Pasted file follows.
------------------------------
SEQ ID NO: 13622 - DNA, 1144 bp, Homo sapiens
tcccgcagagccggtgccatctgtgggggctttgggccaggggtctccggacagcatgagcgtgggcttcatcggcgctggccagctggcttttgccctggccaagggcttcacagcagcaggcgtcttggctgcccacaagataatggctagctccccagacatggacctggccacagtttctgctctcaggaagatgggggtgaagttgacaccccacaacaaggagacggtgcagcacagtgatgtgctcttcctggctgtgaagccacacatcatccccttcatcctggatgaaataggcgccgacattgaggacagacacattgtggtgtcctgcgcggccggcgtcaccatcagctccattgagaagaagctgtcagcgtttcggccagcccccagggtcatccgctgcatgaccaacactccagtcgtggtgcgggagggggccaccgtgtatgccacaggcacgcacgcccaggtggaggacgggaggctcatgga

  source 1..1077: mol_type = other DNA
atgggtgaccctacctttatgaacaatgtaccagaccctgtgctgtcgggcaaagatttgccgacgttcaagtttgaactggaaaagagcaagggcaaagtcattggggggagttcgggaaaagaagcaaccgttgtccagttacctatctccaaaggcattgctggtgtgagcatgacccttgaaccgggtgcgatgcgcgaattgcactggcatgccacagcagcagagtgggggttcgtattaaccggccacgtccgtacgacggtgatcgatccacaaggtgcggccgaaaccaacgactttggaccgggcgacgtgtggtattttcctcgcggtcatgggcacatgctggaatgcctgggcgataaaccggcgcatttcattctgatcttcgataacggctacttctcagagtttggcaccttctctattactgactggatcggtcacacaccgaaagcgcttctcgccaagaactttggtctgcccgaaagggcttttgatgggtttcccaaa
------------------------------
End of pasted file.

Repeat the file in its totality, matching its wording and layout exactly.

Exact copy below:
SEQ ID NO: 13622 - DNA, 1144 bp, Homo sapiens
tcccgcagagccggtgccatctgtgggggctttgggccaggggtctccggacagcatgagcgtgggcttcatcggcgctggccagctggcttttgccctggccaagggcttcacagcagcaggcgtcttggctgcccacaagataatggctagctccccagacatggacctggccacagtttctgctctcaggaagatgggggtgaagttgacaccccacaacaaggagacggtgcagcacagtgatgtgctcttcctggctgtgaagccacacatcatccccttcatcctggatgaaataggcgccgacattgaggacagacacattgtggtgtcctgcgcggccggcgtcaccatcagctccattgagaagaagctgtcagcgtttcggccagcccccagggtcatccgctgcatgaccaacactccagtcgtggtgcgggagggggccaccgtgtatgccacaggcacgcacgcccaggtggaggacgggaggctcatgga

  source 1..1077: mol_type = other DNA
atgggtgaccctacctttatgaacaatgtaccagaccctgtgctgtcgggcaaagatttgccgacgttcaagtttgaactggaaaagagcaagggcaaagtcattggggggagttcgggaaaagaagcaaccgttgtccagttacctatctccaaaggcattgctggtgtgagcatgacccttgaaccgggtgcgatgcgcgaattgcactggcatgccacagcagcagagtgggggttcgtattaaccggccacgtccgtacgacggtgatcgatccacaaggtgcggccgaaaccaacgactttggaccgggcgacgtgtggtattttcctcgcggtcatgggcacatgctggaatgcctgggcgataaaccggcgcatttcattctgatcttcgataacggctacttctcagagtttggcaccttctctattactgactggatcggtcacacaccgaaagcgcttctcgccaagaactttggtctgcccgaaagggcttttgatgggtttcccaaa